ICILS study: One third of students susceptible to fake news

The University of Paderborn recently presented the results of the International Computer and Information Literacy Study (ICILS). In an international comparison, students and schools in Germany perform mediocre.

The study examined the computer and information-related competencies of 8th grade students for the second time since 2013. This also included finding out how the digital infrastructure in German schools and the media skills of teachers are doing. In all areas, the study concludes that little has changed compared to the results from 2013; in an international comparison, Germany is only mediocre.

Study director Birgit Eickelmann is alarmed by the fact that 33.2% of young people have only very rudimentary and basic computer and information-related skills. In an interview with Deutschlandfunk radio, Eickelmann said that these students are neither able to classify information they find online correctly nor to critically question it, making them susceptible to fake news.

The digital pact for Germany's schools is a step in the right direction, but it is not enough to invest only in the digital infrastructure. Teachers also need to be qualified and equipped with the right teaching resources.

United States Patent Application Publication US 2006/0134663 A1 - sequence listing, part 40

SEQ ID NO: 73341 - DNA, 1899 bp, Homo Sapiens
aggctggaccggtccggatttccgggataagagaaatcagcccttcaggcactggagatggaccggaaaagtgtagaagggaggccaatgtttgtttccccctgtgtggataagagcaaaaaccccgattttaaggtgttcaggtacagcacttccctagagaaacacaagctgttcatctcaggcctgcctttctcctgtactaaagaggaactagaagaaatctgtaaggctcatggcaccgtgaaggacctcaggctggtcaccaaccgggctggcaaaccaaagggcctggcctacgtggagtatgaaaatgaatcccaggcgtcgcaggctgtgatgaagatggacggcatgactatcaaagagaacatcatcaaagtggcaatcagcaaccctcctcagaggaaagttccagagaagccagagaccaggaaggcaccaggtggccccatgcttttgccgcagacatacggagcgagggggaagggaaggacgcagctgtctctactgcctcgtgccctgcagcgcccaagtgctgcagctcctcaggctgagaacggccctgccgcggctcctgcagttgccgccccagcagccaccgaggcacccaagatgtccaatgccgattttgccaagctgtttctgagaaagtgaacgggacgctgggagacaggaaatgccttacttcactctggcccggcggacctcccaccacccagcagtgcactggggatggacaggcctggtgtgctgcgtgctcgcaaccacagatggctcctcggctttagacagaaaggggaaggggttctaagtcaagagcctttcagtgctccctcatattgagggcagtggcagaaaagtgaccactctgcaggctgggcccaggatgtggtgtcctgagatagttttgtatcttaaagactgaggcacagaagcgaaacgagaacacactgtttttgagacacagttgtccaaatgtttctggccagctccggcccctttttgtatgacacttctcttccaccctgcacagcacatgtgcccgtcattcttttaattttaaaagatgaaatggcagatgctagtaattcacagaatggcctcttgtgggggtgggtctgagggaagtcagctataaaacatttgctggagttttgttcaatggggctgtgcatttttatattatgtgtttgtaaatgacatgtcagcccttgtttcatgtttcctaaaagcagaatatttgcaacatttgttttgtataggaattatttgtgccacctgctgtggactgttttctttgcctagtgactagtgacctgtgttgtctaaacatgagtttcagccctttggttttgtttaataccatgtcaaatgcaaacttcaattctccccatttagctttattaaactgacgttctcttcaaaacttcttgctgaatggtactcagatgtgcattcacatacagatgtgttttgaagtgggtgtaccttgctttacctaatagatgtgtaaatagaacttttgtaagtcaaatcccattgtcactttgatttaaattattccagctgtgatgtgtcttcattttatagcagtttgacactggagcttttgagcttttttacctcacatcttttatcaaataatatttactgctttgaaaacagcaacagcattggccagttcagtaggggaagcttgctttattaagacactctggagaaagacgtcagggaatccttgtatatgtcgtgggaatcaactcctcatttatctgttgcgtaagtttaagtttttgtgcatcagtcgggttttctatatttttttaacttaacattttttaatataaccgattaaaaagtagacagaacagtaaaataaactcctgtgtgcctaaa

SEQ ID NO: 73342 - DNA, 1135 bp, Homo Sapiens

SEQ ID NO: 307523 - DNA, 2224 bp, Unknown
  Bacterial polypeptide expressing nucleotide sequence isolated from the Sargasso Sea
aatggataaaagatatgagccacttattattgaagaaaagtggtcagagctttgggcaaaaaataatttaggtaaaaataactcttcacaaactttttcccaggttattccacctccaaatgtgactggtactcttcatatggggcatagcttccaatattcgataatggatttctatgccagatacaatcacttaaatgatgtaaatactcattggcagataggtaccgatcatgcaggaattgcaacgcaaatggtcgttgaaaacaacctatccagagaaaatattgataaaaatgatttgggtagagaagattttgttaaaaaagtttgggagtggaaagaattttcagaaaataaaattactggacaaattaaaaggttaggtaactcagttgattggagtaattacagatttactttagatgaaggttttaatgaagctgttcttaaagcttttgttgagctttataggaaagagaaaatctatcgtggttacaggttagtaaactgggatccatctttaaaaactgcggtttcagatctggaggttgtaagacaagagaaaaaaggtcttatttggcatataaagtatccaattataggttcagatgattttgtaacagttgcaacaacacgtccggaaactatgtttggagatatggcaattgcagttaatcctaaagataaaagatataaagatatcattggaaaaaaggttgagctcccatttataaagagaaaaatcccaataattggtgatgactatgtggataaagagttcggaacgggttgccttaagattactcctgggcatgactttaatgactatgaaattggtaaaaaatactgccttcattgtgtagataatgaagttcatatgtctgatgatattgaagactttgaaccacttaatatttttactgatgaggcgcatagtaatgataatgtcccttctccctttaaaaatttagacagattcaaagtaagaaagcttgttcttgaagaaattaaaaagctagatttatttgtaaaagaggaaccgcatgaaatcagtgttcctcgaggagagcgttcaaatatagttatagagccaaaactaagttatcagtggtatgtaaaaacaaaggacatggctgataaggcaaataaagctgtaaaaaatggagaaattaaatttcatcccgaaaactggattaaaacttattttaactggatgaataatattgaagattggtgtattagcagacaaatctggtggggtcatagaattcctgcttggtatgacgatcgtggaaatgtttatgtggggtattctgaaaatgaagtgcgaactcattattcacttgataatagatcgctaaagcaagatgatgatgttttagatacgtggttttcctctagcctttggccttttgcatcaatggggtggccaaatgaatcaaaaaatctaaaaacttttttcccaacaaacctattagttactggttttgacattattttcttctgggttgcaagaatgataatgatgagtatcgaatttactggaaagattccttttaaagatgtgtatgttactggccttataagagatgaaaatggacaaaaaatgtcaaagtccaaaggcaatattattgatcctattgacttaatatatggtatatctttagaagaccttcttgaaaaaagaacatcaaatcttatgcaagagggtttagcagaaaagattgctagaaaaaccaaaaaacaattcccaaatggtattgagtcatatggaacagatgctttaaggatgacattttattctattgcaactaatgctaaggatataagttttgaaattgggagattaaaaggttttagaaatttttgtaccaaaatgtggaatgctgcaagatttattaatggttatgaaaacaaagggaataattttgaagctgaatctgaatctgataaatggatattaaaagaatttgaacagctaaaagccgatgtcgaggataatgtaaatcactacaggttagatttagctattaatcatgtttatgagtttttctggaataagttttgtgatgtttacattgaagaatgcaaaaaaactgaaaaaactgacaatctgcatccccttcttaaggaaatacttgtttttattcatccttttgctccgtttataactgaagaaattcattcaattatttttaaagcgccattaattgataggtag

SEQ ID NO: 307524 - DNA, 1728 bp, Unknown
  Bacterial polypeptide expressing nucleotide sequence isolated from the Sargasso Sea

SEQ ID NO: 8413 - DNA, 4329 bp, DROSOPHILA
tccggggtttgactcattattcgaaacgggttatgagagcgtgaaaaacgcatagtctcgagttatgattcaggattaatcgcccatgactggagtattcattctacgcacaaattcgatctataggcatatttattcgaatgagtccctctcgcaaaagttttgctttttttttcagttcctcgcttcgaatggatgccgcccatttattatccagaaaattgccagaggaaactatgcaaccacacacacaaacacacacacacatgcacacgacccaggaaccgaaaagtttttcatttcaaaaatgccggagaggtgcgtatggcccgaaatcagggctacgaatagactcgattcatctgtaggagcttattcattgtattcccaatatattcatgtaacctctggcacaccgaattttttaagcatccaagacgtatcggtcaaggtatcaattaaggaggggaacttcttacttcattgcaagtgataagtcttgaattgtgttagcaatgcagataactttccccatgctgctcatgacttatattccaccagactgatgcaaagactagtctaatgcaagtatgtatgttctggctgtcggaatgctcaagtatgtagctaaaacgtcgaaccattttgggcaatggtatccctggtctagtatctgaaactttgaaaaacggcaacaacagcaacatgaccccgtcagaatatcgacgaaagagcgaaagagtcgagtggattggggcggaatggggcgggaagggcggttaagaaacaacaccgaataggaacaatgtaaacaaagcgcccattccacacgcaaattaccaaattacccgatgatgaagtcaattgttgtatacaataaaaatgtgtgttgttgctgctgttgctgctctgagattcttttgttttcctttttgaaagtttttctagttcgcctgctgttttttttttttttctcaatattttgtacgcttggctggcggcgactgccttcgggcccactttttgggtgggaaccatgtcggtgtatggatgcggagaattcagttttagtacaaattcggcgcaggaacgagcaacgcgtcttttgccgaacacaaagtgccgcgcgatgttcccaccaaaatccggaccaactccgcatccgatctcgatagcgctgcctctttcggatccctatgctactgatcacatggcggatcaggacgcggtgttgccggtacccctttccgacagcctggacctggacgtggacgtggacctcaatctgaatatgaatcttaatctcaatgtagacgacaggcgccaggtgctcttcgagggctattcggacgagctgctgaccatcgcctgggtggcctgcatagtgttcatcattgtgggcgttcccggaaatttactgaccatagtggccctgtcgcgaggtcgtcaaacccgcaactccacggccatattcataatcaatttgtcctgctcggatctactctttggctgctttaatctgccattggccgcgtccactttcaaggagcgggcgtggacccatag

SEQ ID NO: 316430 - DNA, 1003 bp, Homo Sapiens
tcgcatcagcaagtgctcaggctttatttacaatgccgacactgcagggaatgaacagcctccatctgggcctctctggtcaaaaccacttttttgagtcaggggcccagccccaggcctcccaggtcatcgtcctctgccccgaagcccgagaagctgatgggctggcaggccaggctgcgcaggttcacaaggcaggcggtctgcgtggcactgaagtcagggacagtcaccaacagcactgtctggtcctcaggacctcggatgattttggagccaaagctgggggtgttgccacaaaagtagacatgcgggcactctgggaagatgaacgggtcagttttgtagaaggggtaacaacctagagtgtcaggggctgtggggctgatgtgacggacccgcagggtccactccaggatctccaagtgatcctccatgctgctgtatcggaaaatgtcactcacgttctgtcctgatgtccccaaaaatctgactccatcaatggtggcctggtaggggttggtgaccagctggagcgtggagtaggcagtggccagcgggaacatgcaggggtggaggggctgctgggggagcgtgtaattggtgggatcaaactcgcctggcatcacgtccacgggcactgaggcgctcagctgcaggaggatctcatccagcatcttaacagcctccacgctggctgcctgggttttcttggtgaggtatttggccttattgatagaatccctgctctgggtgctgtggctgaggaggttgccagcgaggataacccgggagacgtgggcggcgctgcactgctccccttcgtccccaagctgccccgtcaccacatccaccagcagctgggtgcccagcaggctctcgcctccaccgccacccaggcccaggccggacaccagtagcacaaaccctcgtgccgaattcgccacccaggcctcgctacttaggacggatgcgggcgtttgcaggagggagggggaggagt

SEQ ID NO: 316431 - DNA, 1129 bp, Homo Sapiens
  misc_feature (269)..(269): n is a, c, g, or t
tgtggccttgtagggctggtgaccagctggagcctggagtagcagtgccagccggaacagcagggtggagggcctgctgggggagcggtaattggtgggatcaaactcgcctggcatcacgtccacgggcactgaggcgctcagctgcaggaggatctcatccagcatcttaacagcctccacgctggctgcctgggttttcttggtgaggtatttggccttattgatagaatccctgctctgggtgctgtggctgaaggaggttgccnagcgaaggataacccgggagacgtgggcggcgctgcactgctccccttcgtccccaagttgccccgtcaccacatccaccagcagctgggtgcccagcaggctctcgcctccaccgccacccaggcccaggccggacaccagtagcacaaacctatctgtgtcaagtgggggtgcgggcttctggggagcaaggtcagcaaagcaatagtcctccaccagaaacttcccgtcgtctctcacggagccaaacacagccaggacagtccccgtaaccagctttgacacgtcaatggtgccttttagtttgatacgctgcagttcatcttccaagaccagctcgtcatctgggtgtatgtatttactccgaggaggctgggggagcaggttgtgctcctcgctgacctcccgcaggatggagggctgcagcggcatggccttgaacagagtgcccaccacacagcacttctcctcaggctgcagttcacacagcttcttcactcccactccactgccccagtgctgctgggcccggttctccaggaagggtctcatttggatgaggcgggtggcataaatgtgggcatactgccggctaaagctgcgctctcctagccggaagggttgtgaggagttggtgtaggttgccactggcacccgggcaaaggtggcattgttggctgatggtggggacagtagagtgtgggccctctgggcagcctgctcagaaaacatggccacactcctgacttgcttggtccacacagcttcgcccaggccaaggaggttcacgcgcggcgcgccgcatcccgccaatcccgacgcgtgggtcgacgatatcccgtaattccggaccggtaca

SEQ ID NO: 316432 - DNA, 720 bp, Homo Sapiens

klicksafe offers illustrative materials for the classroom

klicksafe supports teachers, multipliers, parents and young people in dealing competently and critically with the Internet. The klicksafe teaching material "Fakt oder Fake - Wie man Falschmeldungen im Internet entlarven kann" (Fact or Fake - How to unmask false reportson the Internet) offers background information, methods and materials to introduce young people to the critical evaluation of information on the Internet in an appropriate and age-appropriate way. Further teaching materials for primary and secondary schools can be found in the educators' section at klicksafe.de. Tools & Tips on the topic of fake news can be found on the Fake News topic page.

Further information on the study